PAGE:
The inverter 94 output, sin 0, along path 273, is connected in parallel as one input to the cos (0+) weighted sum device 108, l and 112 of the respective pairs 96, 98 and 100, while the cos 0 output of amplifier 76, along path 271, is connected in parallel to a second input of these devices 108, 110 and 112. The sin 0 output of amplifier 72, along path 269, is connected in parallel to one input of the devices 102, 104 and 106 to provide the sin (0+) weighted sum. The other input connected to these devices 102, 104 and 106, in parallel, is the cos 0 output of amplifier 76 along path 271. The sin (0+) and cos (0+) weighted sums are provided from these inputs in a manner to be described in greater detail hereinafter.

The devices 102, 104 and 106 are each connected to a squaring means, which is, preferably, Schmitt triggers 114,

l 16 and l 18, respectively, which are similar to trigger 80, and the devices 108, 110, 112 outputs are preferably connected to a separate squaring means, which are also, preferably, Schmitt triggers 120, 122 and 124 similar to trigger 82. The squared outputs of the respective pairs 96, 98 and 100 are connected to direction sensing logic circuits 126, 128 .and 130, respectively, which are similar to circuit 84, to provide up or down pulses dependent on direction of translation along the measurement axis.

The respective direction sensing logic circuits 126, 128 and 130 are associated with the production of an up pulse along paths 132, 134 and 136, respectively. These paths 132, 134 and 136 are connected in parallel to the pulse combining means 88 along with path 86, to provide a digital output signal on path 138, which is constituted by the respective up pulse signals from paths 86, 132, 134 and 136. The direction sensing logic circuitry 126, 128 and 130 for the respective pairs 96, 98, and 100 are associated with the production of a down pulse along paths 140, 142 and 144, respectively. These paths 140, 142 and 144 are connected in parallel to the combining means 92 along with path 90 to provide a digital signal along path 146 which is constituted by the down pulses on paths 90, 140, 142 and 144. The digital signal paths 138 and 146 are connected to the reversible up-down counter circuitry 68.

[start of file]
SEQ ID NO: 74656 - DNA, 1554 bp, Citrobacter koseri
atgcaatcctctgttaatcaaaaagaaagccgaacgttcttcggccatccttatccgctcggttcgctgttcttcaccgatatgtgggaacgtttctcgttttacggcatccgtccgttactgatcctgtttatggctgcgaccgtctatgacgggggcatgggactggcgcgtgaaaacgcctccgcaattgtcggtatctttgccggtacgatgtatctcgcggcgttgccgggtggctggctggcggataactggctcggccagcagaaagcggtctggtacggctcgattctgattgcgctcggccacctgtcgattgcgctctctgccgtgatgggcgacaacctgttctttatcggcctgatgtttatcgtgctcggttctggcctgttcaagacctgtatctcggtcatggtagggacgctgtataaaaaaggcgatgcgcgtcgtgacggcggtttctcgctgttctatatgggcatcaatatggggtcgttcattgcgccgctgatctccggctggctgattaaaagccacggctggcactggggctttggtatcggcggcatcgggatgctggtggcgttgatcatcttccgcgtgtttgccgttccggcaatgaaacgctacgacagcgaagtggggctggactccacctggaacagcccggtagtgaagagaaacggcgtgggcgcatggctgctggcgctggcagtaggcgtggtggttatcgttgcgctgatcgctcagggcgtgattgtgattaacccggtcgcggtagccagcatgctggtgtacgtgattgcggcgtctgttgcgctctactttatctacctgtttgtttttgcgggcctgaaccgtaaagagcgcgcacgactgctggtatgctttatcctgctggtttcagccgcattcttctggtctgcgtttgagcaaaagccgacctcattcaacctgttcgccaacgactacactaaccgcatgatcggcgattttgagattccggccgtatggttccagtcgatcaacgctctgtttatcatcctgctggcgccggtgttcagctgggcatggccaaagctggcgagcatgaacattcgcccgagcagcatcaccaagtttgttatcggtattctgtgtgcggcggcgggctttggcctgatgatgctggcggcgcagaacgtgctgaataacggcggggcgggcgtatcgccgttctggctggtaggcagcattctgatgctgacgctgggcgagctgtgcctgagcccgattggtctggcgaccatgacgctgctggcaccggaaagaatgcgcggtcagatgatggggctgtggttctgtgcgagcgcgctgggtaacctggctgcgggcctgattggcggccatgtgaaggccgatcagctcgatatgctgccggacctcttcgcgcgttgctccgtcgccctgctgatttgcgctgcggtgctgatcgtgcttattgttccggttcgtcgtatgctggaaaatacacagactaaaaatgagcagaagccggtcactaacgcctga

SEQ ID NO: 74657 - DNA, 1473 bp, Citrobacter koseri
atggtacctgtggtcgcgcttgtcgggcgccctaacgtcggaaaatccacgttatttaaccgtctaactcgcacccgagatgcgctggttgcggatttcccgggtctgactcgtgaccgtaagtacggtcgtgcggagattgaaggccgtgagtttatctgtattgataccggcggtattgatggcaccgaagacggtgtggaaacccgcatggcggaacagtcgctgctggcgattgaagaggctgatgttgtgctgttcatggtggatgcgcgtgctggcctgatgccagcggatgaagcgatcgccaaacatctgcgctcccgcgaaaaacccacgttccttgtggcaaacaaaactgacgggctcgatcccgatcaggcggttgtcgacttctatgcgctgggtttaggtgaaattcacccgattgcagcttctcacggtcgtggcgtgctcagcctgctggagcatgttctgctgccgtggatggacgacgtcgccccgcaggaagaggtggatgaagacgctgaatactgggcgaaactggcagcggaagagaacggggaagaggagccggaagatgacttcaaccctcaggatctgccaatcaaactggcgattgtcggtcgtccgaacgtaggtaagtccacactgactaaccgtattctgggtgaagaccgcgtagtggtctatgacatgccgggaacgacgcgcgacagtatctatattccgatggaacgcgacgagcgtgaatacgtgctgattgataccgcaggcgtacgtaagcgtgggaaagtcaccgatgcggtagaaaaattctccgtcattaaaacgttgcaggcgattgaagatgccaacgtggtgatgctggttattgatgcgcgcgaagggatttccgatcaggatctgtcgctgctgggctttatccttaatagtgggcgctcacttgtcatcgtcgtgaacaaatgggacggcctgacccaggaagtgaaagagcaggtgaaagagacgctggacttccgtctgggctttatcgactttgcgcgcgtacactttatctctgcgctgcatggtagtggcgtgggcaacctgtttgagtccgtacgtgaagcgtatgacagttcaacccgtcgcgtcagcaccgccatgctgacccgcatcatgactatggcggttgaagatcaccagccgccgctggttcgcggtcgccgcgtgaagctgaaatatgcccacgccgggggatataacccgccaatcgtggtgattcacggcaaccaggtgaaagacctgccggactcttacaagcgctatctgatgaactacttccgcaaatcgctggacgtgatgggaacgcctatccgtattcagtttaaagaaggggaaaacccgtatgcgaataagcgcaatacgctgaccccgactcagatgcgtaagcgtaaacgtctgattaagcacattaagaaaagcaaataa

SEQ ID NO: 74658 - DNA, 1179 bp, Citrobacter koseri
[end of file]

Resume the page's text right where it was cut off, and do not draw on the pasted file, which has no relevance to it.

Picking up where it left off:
DETAILED DESCRIPTION HIGH RESOLUTION CONVERTER SCHEMATIC Now referring in detail to the schematic of the high resolution phase angle to pulse converter 66, and particularly to FIGS. 3A, 3B and 3C when taken together as shown in FIG. 8, the schematic details for the signal pairs 90 and 100 have been omitted for purposes of clarity, the circuit configurations being identical to pair 96, the only differences being in the values of the weighting constants determined by the parameters of the respective summing networks 268, 276, 278, 280, 282 and 284. The operation of these circuits in conjunction with the timing diagram illustrated in FIGS. 4 and 5 will be described in greater detail hereinafter. FIG. 3A is substantially a schematic diagram of the sin 0 and cos 0 up-down pulse producing circuits. The amplifiers 72 and 76, as was previously mentioned, are line receiver amplifiers whose purpose is to adjust the D.C. components of the input signals and limit the system noise bandwidth. These circuits 72 and 76 are conventional and are well understood by one of ordinary skill in the art and, therefore, will not be described in detail. Sufl'ice it to say that these amplifiers 72 and 76, preferably, are carefully matched so as not to introduce any differential phase shift. Furthermore, these amplifiers 72 and 76 are preferably operational amplifiers which are each operated in a differential mode, with the non-inverting input, 148 and 150, respectively, connected to the signal ground lead 152. The amplifier circuits 72 and 76,.as previously mentioned, are respectively connected to Schmitt trigger circuits and 82, which are conventional D.C.-coupled circuits utilizing an emitter-coupled pair of transistors 154 and 156, and 158 and 160, respectively.

The output of the amplifier circuits "72 and 76 are connected to the base 162 and 164, respectively, of the transistors 154 and 158, respectively, of the emitter-coupled pairs. The emitters 166 and 168, and 170 and 172 of transistors 154 and 156, and 158 and 160, respectively, are coupled to a negative reference, or bias, potential V, which, by way of example, could be 12 volts, while the collectors 174 and 176, and 178 and 180, of transistors 154 and 156, and 158 and 160, respectively, are coupled to a positive reference, or bias, potential +V, which is, preferably, equal to but opposite in sign to the negative reference potential V of the emitters 166, 168, 170 and 172. Thepotentials V and +V provide the two stable states for the bistable Schmitt triggers 80 and 82, respectively. When transistor 154 is ON the value of the output signal of the Schmitt trigger 80 will be at a value corresponding to logic l and, when transistor 154 is OFF, the value of the output of the Schmitt trigger 80 will be at a value corresponding to logic 0." These connections for the Schmitt trigger are conventional and will not be described in greater detail as they will be understood by one of ordinary skill in the art. The operation of this circuit in the high resolution converter 66 will be described in greater detail hereinafter.